As for the solubility of syndiotactic polypropylene in hydrocarbons, Natta succeeded in separating syndiotactic polypropylene from the mixture consisting of amorphous, isotactic and syndiotactic portions by solution chromatography, adopting highly crystalline and high molecular weight isotactic polypropylene as absorbent, and then eluting with isoPr2 O, n-hexane and n-heptane, successively, under somewhat below boiling temperature (Atti accad. Nazl. lincei Rend, class Sci. Fis.Mat.Nat., 28, 539 (1960)). Marchetti et al., obtained solution-grown single crystals of syndiotactic polypropylene from a dilute solution of hydrocarbons. (J. Polymer Sci., Polymer Physics ed., 12, 1649 (1974). Dissolution temperature of syndiotactic polypropylene are reported 36.5° C. for n-hexane, 38.5°-46° C. for n-heptane, and crystallization temperature is 0° C. for hexane and heptane. (No data are reported as to the result from n-dodecene grown crystals). There is no disclosure in the prior art that syndiotactic polypropylene is soluble in cold (0° C.) xylene.
The metallocene catalyst of the present invention may be described by the formula:
R"(C5 R4)(C4 R'4 C5 C4 R'4)MeQp
wherein (C5 R4) is a substituted or unsubstituted cyclopentadienyl ring; (C4 R'm C5 C4 R'n) is a substituted cyclopentadienyl ring preferably a fluorenyl radical; each R and R' is hydrogen or hydrocarbyl radical having from 1-20 carbon atoms, a halogen, an alkoxy, and alkoxy alkyl or an alkylamino radical, each R and R' may be the same or different; (C5 R4) has bi-lateral or pseudo bi-lateral symmetry for the proximal carbon atoms and bi-lateral symmetry only for the distal carbon atoms, "proximal" referring to position 2 or 5 of the cyclopentadienyl rings and "distal" referring to position 3 or 4 of the cyclopentadienyl ring relative to the carbon attached to R" (position 1), i.e., proximal being near the bridgehead carbon and distal being away from the bridgehead carbon; R" is structural bridge between the (C5 R4) and (C4 R'4 C5 C4 R'4) rings to impart stereorigidity and, preferably is a hydrocarbyl radical having 1-4 carbon atoms, a silicon hydrocarbyl compound, a germanium hydrocarbyl compound, an alkyl phosphine, an alkyl amine, a boron compound or an aluminum compound and may be unsubstituted or substituted with hydrocarbyl groups, such as an alkyl, aryl, alkylaryl or arylalkyl radical, to form the bridge, e.g., R" may be n-propyl or isopropyl in that it can be three linear carbon atoms or one branched carbon atom with methyl groups attached; Q is a hydrocarbyl radical such as an alkyl, aryl, alkenyl, alkylaryl or arylalkyl radical having 1-20 carbon atoms or is a halogen; Me is a Group IIIB, IVB, VB, or VIB metal as positioned in the Periodic Table of Elements; and p is the valence of Me minus 2. The structure of the metallocene compound is given below: ##STR5##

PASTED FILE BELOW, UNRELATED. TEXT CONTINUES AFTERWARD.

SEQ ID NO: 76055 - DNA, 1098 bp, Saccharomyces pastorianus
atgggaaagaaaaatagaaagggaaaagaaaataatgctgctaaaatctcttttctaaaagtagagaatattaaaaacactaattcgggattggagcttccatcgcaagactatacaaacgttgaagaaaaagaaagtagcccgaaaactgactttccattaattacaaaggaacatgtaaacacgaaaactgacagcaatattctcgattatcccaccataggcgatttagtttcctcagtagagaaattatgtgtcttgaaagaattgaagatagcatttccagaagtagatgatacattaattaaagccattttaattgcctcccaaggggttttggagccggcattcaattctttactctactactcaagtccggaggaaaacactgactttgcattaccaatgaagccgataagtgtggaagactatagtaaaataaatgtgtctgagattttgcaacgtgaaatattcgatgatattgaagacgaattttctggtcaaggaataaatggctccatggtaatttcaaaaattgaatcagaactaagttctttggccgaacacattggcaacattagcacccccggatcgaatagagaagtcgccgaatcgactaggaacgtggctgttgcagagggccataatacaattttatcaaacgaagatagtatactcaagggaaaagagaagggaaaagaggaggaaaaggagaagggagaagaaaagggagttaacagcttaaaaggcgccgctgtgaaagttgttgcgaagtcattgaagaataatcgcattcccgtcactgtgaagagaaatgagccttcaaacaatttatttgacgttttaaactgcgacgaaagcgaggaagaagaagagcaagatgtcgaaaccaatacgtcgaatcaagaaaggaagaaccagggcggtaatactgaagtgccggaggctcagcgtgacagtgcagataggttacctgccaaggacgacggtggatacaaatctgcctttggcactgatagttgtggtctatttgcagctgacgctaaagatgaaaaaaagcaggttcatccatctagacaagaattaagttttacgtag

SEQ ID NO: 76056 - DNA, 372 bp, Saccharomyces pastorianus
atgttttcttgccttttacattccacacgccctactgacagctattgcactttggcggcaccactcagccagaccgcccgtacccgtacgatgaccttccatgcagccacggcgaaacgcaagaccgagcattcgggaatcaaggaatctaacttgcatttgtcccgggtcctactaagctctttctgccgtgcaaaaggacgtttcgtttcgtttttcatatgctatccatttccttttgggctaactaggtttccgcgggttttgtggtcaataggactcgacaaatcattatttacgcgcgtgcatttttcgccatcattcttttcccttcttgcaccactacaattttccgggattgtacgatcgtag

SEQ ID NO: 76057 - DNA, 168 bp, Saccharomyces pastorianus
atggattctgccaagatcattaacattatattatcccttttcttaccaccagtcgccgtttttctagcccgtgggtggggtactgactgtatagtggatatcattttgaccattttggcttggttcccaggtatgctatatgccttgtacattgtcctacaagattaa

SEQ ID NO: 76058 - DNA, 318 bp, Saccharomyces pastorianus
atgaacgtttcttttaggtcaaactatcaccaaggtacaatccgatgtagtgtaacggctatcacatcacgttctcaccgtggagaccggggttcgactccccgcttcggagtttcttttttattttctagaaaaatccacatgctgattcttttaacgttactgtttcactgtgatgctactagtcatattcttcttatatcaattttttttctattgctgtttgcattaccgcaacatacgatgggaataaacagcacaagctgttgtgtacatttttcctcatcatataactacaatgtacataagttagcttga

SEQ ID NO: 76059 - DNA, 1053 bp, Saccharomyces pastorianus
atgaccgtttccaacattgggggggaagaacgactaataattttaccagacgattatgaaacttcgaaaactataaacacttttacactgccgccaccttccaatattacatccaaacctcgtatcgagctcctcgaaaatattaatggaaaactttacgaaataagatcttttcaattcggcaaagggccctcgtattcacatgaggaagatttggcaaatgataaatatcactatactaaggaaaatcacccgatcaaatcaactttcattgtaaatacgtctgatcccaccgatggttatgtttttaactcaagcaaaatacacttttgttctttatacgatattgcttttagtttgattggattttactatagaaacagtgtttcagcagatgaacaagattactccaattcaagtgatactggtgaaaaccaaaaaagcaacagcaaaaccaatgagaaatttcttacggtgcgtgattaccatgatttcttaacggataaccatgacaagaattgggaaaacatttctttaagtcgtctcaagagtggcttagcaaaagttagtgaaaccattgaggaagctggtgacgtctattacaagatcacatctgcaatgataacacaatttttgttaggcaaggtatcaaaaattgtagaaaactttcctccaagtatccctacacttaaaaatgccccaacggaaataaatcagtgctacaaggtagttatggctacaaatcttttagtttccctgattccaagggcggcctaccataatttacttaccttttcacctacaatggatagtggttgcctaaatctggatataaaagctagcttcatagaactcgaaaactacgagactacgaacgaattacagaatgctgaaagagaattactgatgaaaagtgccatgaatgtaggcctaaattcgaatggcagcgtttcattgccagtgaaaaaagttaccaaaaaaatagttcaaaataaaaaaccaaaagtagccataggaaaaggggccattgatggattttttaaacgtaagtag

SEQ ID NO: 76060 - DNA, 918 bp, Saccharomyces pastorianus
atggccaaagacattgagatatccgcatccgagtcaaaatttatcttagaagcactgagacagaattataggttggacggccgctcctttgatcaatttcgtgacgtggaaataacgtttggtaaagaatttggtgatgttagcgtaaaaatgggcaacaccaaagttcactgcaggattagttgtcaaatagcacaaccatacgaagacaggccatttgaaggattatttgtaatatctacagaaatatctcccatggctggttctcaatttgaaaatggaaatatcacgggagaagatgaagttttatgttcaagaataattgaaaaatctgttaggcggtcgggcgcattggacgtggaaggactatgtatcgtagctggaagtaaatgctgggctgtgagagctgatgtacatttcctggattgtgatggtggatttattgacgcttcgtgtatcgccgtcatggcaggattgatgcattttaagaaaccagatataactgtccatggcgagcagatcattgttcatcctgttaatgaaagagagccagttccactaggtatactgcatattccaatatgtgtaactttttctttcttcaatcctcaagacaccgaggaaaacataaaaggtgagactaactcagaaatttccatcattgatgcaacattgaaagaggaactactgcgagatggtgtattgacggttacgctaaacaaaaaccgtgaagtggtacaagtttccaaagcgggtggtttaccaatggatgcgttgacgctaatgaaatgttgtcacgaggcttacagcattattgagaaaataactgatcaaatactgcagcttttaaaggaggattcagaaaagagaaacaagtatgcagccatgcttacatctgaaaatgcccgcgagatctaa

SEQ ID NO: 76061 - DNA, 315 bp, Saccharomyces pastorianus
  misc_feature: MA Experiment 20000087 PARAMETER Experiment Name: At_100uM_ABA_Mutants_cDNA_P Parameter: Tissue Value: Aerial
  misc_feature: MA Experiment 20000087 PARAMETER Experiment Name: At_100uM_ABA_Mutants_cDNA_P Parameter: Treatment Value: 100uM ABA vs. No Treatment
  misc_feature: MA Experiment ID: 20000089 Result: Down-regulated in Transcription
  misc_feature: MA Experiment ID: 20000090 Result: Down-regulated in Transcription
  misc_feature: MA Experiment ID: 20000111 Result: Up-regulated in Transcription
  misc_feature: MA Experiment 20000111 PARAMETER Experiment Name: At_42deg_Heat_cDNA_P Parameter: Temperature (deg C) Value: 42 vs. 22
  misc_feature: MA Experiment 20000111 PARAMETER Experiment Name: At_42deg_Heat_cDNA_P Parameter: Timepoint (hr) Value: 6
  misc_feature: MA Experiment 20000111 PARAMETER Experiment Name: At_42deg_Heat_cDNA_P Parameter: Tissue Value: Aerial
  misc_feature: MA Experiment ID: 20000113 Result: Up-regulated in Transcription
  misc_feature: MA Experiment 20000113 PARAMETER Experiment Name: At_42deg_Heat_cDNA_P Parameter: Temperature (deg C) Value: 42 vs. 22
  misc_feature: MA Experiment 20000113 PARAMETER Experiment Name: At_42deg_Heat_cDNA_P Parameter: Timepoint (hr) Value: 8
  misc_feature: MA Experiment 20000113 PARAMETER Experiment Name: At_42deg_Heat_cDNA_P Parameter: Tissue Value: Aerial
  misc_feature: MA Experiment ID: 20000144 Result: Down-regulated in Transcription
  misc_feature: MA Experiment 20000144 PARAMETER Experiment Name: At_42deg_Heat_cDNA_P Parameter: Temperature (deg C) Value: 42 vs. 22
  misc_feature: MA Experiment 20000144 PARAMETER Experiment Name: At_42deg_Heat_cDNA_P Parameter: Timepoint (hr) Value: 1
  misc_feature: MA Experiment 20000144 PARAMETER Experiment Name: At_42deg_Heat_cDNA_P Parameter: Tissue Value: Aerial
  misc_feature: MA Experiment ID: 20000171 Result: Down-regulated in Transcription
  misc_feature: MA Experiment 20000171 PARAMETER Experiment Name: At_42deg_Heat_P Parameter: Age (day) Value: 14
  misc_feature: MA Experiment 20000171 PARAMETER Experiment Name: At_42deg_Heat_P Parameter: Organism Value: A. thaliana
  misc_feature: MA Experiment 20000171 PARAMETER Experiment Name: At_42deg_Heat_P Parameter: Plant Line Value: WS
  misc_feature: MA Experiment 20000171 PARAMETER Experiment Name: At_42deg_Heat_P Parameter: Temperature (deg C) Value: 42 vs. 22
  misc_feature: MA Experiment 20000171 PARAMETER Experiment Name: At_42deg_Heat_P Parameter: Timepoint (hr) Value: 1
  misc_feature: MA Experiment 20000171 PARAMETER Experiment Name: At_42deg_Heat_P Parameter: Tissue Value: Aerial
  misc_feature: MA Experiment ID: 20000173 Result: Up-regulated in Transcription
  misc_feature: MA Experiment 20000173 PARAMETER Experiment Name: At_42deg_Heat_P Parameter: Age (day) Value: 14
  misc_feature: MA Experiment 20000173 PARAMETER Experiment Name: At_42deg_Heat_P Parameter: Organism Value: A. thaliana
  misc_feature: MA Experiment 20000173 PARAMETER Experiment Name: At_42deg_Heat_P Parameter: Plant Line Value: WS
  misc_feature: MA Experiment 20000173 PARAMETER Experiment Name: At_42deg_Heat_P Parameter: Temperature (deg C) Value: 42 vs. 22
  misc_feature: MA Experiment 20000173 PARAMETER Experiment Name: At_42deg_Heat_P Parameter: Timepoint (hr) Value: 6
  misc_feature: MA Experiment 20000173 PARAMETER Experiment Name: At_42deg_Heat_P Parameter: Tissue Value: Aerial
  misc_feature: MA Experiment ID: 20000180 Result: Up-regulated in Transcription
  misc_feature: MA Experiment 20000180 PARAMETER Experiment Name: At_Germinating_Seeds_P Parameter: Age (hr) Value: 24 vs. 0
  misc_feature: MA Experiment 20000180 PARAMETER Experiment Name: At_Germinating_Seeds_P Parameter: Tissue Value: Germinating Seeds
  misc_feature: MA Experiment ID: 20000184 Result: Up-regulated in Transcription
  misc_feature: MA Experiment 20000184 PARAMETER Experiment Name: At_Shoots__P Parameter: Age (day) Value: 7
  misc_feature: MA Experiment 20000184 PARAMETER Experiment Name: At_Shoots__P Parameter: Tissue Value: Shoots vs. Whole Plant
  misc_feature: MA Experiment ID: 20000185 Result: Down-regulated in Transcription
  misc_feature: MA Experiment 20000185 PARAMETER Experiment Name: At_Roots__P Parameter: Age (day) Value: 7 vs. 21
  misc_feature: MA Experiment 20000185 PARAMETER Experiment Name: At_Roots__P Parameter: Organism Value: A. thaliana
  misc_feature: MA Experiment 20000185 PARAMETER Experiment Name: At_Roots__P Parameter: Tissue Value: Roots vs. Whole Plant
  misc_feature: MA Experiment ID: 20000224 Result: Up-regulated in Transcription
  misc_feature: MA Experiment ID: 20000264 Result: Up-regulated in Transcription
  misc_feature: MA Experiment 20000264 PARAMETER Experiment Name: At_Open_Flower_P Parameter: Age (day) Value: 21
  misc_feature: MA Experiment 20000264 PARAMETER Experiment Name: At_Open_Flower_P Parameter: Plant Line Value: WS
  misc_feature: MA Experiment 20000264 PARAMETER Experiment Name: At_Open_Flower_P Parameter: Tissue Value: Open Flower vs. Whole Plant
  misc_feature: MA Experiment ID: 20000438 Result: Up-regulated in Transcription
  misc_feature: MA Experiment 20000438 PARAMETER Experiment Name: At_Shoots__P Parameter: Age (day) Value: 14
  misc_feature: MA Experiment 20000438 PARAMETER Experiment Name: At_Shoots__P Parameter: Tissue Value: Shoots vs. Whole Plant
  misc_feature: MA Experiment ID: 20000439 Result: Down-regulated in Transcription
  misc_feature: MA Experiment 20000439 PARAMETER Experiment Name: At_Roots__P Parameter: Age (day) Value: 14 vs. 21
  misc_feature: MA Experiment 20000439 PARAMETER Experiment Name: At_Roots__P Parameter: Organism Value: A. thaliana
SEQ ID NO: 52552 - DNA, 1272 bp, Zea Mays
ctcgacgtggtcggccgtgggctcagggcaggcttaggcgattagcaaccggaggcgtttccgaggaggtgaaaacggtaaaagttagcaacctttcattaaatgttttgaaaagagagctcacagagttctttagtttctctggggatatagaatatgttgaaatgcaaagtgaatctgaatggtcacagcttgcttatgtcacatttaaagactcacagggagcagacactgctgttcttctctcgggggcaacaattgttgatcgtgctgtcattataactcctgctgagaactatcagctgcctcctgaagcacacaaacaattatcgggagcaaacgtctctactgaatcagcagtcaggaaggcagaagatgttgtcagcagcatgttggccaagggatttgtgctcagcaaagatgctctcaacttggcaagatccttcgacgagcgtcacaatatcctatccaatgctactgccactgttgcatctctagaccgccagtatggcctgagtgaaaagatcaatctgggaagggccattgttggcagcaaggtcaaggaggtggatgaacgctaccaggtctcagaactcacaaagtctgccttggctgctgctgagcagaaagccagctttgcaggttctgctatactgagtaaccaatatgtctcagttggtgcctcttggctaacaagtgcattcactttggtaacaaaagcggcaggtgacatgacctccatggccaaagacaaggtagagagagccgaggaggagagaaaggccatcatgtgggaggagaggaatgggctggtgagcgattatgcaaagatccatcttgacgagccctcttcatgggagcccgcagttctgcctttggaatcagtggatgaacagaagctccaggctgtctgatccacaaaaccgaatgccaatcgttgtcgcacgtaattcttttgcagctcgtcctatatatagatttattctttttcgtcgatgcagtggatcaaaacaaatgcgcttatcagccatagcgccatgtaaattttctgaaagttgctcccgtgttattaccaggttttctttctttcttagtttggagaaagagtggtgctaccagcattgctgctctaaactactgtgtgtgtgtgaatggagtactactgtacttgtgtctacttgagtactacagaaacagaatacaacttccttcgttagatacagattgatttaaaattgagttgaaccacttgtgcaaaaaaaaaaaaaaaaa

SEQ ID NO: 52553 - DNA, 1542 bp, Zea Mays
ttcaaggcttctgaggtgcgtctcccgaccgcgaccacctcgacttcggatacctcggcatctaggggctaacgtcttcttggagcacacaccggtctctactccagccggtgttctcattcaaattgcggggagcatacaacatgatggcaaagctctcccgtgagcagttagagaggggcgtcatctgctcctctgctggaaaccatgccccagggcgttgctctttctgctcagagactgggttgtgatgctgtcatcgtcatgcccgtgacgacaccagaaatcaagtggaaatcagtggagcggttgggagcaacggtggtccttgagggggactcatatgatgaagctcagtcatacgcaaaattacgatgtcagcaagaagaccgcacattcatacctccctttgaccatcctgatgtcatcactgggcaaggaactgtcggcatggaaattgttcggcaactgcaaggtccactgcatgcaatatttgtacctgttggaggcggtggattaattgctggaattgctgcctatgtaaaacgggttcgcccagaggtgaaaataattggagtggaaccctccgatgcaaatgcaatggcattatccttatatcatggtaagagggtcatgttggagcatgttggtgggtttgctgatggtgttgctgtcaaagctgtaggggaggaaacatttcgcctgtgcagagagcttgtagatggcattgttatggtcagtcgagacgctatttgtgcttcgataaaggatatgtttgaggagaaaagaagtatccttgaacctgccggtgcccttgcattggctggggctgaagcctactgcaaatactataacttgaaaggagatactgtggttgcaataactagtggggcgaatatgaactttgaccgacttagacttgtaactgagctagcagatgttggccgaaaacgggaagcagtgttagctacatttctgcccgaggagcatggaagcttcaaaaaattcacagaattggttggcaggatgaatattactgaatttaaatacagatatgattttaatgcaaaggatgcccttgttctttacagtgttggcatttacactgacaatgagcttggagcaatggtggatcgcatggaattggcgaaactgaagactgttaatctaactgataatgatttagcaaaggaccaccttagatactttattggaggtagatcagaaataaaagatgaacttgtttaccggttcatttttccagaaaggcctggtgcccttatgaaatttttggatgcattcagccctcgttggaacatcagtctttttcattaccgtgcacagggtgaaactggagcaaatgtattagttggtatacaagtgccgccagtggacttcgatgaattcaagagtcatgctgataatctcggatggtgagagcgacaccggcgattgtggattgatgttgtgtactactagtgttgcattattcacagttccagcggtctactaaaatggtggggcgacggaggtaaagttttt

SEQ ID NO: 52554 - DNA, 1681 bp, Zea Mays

In order to be syndio-specific, it was discovered that the C5 R4 ring in the metallocene compound must have bi-lateral or pseudo bi-lateral symmetry for the proximal carbon atoms and bi-lateral symmetry only for the distal carbon atoms. Proximal refers to position 2 or 5 of the cyclopentadienyl rings and distal refers to position 3 or 4 of the cyclopentadienyl ring relative to the carbon attached to R" as shown below. ##STR6## Proximal carbon atoms are those near the bridgehead carbon and distal carbon atoms are those away from the bridgehead carbon.
Bilateral symmetry is defined as the condition in which there is no substituents or one or moire substituents on one side and no substituents or one or more substituents on the other side in the same relative position such that a mirror image is formed from one side to another. One example of such a compound is isopropyl (cyclopentadienyl-1-fluorenyl)zirconium dichloride, abbreviated iPr[Cp(Flu)]ZrCl2. An illustration of the ligands of this compound are shown below: ##STR7## Bilateral symmetry is illustrated by the ligands having their right side being a mirror image of their left side.